As a side effect of the version fragmentation that Android suffers from, even the latest apps tend to support Android versions a few years old. For example, most of Google's apps nowadays have a minimum requirement of Android 4.1 or 4.2. If you're still stuck on 2.3 Gingerbread, at least you'll get to keep using WhatsApp. Read More
The time has finally come to say a fond farewell to Gingerbread. In a manner of speaking, that is. Back in November, Google announced Play services v10.0 would be the last release to support Android 2.3. In fact, Honeycomb was simultaneously deprecated as the minimum supported version was elevated to API level 14, also known as Android 4.0 Ice Cream Sandwich. As Play services v10.2 completes its wide rollout to Android devices, that time has officially come. Google posted a list of changes to Play services v10.2 and featured the news about leaving Gingerbread behind. Read More
Android 2.3 Gingerbread, according to Google, still runs on approximately 1.3% of devices hitting the Play Store every month. But with Google Play Services 10.0.x, Google is placing an end-marker for the OS's support of the Play Services package going forward, which signals what is essentially the final death of the platform as far as Google is concerned. When Play Services 10.2 arrives, it will leave behind Android's crunchiest iteration. Read More
Welcome back to another week of the Android Police Podcast. To catch us live on Hangouts On Air every Thursday at 5:30PM PST (subject to change as per the calendar widget below), just head over to androidpolice.com/podcast. For the unedited video show, click here. As always, we'll take your questions at 530-HELLO-AP and also at our email address: podcast at androidpolice dot com.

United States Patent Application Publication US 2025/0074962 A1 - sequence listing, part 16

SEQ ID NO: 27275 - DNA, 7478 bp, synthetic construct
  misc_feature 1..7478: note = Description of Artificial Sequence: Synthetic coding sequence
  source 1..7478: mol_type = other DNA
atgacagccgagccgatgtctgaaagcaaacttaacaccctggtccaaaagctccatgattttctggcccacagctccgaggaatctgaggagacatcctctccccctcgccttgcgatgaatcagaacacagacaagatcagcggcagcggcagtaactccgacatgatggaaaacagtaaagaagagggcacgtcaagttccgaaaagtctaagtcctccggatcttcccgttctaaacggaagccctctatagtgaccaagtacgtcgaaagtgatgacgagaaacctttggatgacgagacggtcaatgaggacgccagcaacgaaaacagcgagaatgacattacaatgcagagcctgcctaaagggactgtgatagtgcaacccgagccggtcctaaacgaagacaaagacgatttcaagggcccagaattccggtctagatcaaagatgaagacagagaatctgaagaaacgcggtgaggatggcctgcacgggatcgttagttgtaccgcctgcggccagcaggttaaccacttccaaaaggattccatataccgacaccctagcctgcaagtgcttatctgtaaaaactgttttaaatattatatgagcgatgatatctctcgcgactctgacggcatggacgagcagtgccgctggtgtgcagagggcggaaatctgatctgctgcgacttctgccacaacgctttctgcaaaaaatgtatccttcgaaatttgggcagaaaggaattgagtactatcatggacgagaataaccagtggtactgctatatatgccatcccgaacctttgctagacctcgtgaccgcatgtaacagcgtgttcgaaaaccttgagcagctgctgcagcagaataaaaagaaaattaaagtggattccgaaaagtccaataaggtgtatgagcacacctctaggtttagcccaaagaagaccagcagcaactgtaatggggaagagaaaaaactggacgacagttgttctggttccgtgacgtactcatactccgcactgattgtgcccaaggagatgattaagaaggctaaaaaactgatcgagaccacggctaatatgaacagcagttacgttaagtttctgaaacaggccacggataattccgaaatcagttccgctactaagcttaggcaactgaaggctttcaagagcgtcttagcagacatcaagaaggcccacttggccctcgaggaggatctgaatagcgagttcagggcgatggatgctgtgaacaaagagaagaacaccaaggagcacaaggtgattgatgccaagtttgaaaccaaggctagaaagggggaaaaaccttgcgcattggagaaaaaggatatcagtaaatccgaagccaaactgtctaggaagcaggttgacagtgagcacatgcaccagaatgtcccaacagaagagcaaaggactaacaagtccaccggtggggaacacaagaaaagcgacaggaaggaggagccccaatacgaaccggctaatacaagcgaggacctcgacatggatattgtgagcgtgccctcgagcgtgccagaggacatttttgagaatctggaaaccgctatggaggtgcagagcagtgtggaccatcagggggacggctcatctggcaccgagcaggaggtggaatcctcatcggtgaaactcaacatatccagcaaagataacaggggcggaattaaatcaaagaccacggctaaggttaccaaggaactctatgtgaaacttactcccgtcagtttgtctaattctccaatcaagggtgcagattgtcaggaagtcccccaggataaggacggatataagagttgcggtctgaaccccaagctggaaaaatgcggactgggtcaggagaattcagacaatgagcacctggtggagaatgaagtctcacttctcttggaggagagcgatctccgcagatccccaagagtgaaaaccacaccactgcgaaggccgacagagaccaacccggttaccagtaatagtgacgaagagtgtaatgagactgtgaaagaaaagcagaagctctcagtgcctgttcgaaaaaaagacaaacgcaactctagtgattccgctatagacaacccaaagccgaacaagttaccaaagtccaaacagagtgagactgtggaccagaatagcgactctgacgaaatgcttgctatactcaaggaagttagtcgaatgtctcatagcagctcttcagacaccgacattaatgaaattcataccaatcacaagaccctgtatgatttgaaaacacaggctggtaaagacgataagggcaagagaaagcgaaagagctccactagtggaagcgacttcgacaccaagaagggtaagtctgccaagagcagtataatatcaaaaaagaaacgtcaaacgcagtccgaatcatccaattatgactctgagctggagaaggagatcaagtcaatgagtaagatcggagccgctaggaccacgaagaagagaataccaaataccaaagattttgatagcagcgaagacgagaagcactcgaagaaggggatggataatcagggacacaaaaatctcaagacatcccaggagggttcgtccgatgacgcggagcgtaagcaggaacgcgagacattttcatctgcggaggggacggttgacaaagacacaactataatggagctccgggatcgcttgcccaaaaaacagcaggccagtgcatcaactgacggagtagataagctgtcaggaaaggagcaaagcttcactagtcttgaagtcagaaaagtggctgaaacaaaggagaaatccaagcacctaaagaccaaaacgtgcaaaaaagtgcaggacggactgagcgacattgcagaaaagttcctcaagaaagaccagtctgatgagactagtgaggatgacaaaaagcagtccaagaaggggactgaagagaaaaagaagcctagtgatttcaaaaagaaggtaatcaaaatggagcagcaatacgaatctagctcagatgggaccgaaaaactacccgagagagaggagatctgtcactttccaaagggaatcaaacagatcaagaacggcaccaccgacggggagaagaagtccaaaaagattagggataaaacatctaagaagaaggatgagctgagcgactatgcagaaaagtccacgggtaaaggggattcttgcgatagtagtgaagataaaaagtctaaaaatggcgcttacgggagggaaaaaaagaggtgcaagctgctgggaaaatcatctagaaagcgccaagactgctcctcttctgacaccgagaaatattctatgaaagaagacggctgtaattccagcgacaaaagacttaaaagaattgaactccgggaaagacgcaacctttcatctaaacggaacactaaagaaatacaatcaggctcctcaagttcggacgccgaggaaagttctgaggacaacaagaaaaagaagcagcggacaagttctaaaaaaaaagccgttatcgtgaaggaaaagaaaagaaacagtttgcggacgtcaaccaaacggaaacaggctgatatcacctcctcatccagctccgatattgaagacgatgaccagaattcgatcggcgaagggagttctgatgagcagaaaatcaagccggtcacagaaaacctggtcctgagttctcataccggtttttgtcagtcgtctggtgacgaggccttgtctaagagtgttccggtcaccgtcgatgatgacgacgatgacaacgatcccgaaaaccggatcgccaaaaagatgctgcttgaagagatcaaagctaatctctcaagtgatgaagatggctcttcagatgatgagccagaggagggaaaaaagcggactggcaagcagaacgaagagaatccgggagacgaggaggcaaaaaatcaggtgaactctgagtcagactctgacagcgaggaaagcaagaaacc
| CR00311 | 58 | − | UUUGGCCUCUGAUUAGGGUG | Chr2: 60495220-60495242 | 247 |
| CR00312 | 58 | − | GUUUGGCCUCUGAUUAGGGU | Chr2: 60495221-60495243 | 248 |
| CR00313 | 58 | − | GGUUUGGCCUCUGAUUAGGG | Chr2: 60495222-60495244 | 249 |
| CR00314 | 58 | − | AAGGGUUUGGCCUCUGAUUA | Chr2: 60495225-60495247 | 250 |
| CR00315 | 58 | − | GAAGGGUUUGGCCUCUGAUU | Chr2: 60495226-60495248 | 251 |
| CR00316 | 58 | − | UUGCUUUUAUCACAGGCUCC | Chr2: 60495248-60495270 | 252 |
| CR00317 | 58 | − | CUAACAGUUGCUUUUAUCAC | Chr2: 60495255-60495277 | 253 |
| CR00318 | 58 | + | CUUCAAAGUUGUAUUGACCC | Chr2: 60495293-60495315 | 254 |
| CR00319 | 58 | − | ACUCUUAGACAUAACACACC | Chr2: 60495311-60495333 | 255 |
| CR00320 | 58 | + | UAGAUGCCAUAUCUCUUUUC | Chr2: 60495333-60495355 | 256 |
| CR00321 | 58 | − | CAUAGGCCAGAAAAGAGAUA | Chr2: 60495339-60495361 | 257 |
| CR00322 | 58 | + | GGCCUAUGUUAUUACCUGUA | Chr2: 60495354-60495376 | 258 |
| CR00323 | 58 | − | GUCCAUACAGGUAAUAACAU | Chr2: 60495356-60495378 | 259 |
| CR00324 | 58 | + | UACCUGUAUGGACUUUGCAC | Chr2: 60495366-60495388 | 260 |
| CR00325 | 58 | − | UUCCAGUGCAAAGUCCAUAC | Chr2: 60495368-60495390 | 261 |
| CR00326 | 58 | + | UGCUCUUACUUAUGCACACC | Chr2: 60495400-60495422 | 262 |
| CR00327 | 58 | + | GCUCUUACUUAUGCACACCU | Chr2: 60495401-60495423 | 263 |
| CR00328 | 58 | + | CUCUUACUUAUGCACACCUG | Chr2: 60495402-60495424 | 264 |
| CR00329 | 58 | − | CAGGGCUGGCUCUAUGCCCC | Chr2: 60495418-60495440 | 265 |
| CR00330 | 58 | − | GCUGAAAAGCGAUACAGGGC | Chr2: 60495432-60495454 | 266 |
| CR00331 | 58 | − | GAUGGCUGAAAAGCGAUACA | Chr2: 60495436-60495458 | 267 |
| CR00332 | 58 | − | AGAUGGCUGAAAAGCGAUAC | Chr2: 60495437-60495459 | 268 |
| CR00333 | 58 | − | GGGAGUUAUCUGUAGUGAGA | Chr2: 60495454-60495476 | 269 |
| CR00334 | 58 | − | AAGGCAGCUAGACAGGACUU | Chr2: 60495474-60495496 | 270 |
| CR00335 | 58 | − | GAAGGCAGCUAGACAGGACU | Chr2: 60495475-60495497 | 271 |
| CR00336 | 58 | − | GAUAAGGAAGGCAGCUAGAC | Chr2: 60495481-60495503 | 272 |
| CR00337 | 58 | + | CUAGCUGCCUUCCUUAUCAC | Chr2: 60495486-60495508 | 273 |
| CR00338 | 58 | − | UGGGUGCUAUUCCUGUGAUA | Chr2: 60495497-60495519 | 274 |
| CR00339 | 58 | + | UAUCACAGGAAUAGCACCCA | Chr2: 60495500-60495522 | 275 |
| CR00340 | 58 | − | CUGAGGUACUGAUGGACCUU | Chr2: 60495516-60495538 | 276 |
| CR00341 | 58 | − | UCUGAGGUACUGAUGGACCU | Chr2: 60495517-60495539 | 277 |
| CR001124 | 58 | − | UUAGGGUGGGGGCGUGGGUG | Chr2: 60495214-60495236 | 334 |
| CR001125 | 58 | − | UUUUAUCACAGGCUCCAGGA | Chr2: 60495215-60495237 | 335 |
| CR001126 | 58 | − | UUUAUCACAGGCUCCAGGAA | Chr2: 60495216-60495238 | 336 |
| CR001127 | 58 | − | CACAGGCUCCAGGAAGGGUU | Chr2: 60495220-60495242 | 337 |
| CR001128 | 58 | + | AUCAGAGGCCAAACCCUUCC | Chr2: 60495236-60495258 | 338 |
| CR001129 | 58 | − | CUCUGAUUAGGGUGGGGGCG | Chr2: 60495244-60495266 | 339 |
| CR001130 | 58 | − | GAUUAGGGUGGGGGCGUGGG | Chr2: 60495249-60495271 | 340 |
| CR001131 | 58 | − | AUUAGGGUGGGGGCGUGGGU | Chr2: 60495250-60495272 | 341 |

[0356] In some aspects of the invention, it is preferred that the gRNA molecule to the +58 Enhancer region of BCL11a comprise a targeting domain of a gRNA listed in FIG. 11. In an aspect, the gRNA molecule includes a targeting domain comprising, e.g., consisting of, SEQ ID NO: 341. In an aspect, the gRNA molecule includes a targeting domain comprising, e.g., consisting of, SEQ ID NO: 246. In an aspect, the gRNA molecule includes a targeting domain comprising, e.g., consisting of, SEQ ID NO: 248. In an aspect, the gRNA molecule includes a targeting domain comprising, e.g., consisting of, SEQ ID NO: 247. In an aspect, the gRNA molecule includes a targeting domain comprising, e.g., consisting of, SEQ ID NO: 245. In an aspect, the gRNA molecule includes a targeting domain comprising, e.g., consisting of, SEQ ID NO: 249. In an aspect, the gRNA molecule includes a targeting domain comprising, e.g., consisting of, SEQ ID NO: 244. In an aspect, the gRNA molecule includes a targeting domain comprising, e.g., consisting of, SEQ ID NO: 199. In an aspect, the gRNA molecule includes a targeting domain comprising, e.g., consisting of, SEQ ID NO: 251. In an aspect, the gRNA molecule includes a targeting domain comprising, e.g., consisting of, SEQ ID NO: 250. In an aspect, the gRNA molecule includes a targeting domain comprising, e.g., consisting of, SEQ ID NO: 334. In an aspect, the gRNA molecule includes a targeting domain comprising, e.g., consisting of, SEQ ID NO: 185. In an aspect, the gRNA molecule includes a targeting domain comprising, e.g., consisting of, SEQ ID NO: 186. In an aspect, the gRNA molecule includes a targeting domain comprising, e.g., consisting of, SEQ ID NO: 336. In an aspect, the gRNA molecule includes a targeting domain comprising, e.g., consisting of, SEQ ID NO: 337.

On this week's episode: Android Marshmallow 6.0 is official! We also go back and take a look at Gingerbread in our ongoing Android history series, chat about Google's new OnHub Wi-Fi router, and BlackBerry's rumored Android slide phone. Read More
Hurry up, ladies and gentlemen! If you sprint to Walmart between November 20th and 26th, you can apparently pick yourself up a very vintage Moto X running none other than Android 2.3. Those on-screen buttons and #HOLOYOLO accents look pretty spiffy on this fine Gingerbread device, don't they?
Curiously, on November 29th, the same phone not only drops to half price for Black Friday, it also gets a ninja upgrade to Android 4.2 and a $100 Walmart gift card (which is actually a pretty good deal since you're effectively netting 50 bucks - after signing a contract, of course).
The mention of "Android 2.3" also made it to the printed circulars (thanks, Stephen Scott! Read More
Remember the BlueStacks App Player? It's been around for a pretty long time now. How long? Until just recently, the software that allowed users to run Android inside of Windows was powered by Gingerbread. Now the emulation software is making the leap to Ice Cream Sandwich, and while it's still two years behind the times, at least it looks somewhat modern. Well, until more devices make the transition to KitKat, that is.